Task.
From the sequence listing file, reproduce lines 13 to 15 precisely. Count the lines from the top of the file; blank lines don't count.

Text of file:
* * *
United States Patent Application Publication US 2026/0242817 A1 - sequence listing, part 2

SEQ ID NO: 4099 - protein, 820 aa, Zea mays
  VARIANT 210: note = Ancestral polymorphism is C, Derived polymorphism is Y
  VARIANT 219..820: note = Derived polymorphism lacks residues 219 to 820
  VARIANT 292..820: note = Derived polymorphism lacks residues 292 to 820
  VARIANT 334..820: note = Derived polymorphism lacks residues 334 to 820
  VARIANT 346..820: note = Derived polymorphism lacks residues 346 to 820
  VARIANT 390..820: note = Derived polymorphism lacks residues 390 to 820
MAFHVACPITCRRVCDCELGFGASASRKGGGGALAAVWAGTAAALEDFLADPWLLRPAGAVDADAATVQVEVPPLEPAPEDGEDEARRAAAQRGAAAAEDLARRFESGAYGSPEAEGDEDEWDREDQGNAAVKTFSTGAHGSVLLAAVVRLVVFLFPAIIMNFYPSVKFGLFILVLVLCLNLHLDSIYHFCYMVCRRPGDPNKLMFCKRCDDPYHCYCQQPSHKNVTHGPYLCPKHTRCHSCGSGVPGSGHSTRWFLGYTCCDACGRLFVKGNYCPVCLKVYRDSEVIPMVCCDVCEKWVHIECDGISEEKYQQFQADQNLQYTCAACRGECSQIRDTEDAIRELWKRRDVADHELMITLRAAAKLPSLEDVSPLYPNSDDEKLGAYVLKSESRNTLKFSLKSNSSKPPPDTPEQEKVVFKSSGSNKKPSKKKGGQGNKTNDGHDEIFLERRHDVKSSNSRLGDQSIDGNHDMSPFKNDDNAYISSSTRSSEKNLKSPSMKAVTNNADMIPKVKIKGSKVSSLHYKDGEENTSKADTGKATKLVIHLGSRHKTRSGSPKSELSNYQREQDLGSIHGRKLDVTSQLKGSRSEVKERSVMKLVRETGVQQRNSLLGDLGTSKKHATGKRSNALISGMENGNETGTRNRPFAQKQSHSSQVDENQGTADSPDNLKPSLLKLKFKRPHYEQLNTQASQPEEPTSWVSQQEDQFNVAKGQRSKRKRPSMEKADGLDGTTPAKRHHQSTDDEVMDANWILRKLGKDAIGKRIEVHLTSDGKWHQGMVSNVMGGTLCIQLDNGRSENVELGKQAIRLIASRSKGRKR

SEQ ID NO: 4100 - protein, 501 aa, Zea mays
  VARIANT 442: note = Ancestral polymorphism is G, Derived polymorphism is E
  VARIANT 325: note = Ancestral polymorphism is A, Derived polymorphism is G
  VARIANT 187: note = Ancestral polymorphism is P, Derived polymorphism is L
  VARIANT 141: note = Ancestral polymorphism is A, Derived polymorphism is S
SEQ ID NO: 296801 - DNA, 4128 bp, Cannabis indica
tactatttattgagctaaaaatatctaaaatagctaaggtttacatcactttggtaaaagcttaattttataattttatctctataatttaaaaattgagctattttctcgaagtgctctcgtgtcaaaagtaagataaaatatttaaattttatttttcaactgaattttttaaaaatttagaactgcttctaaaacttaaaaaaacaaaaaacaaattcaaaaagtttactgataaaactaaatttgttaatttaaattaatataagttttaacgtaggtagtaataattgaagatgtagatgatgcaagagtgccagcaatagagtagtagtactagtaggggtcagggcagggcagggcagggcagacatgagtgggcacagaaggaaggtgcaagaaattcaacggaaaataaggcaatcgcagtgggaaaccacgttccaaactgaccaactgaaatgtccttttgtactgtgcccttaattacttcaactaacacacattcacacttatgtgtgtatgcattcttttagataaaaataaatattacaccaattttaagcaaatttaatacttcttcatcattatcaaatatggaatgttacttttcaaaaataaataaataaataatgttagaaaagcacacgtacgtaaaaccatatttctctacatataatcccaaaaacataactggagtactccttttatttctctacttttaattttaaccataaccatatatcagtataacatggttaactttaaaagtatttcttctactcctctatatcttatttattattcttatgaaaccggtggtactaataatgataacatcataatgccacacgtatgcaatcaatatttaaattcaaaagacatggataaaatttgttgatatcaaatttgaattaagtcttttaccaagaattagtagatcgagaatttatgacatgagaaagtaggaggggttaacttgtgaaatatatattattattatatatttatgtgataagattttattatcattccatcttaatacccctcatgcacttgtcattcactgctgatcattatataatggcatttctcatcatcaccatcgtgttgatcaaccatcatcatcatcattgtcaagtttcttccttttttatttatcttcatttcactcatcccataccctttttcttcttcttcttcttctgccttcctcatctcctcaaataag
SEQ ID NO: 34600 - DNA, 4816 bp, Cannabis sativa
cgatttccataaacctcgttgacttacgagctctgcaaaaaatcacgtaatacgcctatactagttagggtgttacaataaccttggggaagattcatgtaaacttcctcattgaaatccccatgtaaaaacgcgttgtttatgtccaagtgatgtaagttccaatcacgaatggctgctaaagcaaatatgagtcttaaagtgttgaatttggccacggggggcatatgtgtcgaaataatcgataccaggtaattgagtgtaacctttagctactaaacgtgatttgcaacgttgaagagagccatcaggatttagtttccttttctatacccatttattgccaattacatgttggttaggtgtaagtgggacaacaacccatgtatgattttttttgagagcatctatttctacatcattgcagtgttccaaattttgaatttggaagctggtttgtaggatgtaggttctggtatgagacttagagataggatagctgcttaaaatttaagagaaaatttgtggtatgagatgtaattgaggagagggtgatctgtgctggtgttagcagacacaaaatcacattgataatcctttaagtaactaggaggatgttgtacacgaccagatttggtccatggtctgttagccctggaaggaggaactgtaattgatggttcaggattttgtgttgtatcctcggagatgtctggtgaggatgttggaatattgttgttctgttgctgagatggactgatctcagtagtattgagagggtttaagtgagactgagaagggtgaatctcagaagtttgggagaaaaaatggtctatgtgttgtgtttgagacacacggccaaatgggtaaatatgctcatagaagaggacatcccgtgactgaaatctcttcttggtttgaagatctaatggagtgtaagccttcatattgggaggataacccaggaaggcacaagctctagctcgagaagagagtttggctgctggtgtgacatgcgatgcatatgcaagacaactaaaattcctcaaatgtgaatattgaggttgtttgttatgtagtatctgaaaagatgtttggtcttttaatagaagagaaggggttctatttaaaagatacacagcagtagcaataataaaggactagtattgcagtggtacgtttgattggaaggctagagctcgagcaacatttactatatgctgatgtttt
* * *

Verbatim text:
  VARIANT 187: note = Ancestral polymorphism is P, Derived polymorphism is L
  VARIANT 141: note = Ancestral polymorphism is A, Derived polymorphism is S
SEQ ID NO: 296801 - DNA, 4128 bp, Cannabis indica